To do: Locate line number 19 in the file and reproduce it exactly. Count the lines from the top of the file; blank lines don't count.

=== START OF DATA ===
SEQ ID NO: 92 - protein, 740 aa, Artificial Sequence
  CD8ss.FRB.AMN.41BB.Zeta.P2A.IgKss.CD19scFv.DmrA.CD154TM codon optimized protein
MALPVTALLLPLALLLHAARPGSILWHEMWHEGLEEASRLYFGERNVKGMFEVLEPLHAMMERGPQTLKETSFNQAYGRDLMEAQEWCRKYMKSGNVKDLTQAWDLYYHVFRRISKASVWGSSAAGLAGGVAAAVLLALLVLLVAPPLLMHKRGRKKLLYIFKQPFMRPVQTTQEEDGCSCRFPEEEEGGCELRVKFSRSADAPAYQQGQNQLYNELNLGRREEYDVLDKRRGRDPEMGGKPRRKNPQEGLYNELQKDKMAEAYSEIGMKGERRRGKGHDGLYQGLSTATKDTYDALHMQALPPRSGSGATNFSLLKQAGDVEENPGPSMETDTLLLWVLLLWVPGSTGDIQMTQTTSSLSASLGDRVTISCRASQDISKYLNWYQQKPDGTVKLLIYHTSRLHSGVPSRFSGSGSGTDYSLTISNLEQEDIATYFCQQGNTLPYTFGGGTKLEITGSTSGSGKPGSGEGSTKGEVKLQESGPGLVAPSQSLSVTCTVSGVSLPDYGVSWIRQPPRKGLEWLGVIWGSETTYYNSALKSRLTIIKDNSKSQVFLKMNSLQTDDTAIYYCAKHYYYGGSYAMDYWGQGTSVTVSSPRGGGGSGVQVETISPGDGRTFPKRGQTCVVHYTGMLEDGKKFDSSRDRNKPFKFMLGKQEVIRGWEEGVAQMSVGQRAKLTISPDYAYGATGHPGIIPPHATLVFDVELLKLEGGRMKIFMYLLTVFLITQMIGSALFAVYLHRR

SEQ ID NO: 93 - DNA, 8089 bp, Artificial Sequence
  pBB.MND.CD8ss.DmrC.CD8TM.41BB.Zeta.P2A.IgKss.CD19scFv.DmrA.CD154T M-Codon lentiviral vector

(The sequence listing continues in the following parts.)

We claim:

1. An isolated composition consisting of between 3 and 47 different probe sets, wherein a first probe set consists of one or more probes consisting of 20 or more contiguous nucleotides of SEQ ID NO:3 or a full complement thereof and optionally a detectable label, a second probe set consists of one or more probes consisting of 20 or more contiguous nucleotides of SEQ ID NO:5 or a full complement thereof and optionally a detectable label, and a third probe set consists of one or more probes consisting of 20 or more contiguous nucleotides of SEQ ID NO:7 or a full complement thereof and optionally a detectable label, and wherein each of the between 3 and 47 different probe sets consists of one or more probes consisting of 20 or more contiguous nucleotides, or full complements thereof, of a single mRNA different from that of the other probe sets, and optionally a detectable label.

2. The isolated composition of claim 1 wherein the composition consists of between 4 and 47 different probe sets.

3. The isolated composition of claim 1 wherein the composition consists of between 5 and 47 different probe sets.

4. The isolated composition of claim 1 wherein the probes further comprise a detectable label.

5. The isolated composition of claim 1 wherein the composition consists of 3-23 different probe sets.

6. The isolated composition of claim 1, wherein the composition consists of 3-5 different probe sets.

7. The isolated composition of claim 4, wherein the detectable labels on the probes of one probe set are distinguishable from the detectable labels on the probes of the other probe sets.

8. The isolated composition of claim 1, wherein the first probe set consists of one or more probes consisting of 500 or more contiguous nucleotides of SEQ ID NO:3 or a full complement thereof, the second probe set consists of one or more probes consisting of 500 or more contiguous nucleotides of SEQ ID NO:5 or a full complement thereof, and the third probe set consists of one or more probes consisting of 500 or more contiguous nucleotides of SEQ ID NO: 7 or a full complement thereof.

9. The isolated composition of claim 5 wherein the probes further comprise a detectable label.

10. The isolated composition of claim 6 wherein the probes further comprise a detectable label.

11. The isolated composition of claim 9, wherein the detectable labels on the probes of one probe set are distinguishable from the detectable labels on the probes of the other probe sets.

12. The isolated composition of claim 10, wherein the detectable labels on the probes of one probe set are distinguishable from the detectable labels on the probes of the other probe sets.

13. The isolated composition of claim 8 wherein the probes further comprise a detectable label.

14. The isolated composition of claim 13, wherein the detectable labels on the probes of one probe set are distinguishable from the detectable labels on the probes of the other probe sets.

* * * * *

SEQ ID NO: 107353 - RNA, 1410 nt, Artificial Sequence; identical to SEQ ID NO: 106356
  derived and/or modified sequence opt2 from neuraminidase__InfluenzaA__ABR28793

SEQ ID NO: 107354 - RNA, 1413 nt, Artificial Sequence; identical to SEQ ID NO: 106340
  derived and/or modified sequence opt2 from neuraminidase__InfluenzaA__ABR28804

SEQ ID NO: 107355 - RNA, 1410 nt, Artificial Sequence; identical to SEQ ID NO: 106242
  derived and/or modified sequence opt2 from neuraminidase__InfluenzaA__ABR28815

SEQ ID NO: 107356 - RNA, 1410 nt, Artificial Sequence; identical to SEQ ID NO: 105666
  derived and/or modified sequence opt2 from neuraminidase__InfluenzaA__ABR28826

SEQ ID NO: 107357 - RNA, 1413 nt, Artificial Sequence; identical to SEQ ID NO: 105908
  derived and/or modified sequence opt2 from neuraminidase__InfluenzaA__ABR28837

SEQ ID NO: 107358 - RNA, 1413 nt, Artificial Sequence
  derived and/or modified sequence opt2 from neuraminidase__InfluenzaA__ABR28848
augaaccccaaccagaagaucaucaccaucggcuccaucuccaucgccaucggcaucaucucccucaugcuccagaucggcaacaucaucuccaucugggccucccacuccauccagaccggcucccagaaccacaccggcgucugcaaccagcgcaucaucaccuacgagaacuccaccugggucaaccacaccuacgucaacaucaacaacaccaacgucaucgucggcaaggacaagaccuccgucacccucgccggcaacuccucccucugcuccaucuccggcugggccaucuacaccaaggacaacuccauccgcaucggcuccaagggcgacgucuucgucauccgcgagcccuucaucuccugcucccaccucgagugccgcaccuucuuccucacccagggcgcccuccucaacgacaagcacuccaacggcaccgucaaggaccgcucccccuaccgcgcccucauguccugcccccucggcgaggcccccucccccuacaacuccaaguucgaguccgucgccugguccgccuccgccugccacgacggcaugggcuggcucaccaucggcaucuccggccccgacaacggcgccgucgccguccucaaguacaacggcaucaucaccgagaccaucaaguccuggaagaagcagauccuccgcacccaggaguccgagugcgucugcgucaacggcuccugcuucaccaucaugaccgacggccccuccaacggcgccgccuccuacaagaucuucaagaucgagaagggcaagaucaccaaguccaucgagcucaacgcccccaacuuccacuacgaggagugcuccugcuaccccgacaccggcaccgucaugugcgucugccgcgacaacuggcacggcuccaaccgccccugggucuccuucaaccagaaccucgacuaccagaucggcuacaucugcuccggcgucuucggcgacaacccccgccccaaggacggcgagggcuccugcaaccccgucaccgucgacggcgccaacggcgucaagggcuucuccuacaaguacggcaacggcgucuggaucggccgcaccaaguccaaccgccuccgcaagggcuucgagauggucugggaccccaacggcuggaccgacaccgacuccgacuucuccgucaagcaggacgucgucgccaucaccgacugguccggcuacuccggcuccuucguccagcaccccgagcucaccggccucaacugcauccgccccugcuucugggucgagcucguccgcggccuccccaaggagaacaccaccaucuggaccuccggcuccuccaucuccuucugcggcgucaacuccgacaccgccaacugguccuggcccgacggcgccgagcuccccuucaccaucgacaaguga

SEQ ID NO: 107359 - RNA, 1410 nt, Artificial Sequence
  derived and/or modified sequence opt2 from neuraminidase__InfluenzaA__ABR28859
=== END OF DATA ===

12. The isolated composition of claim 10, wherein the detectable labels on the probes of one probe set are distinguishable from the detectable labels on the probes of the other probe sets.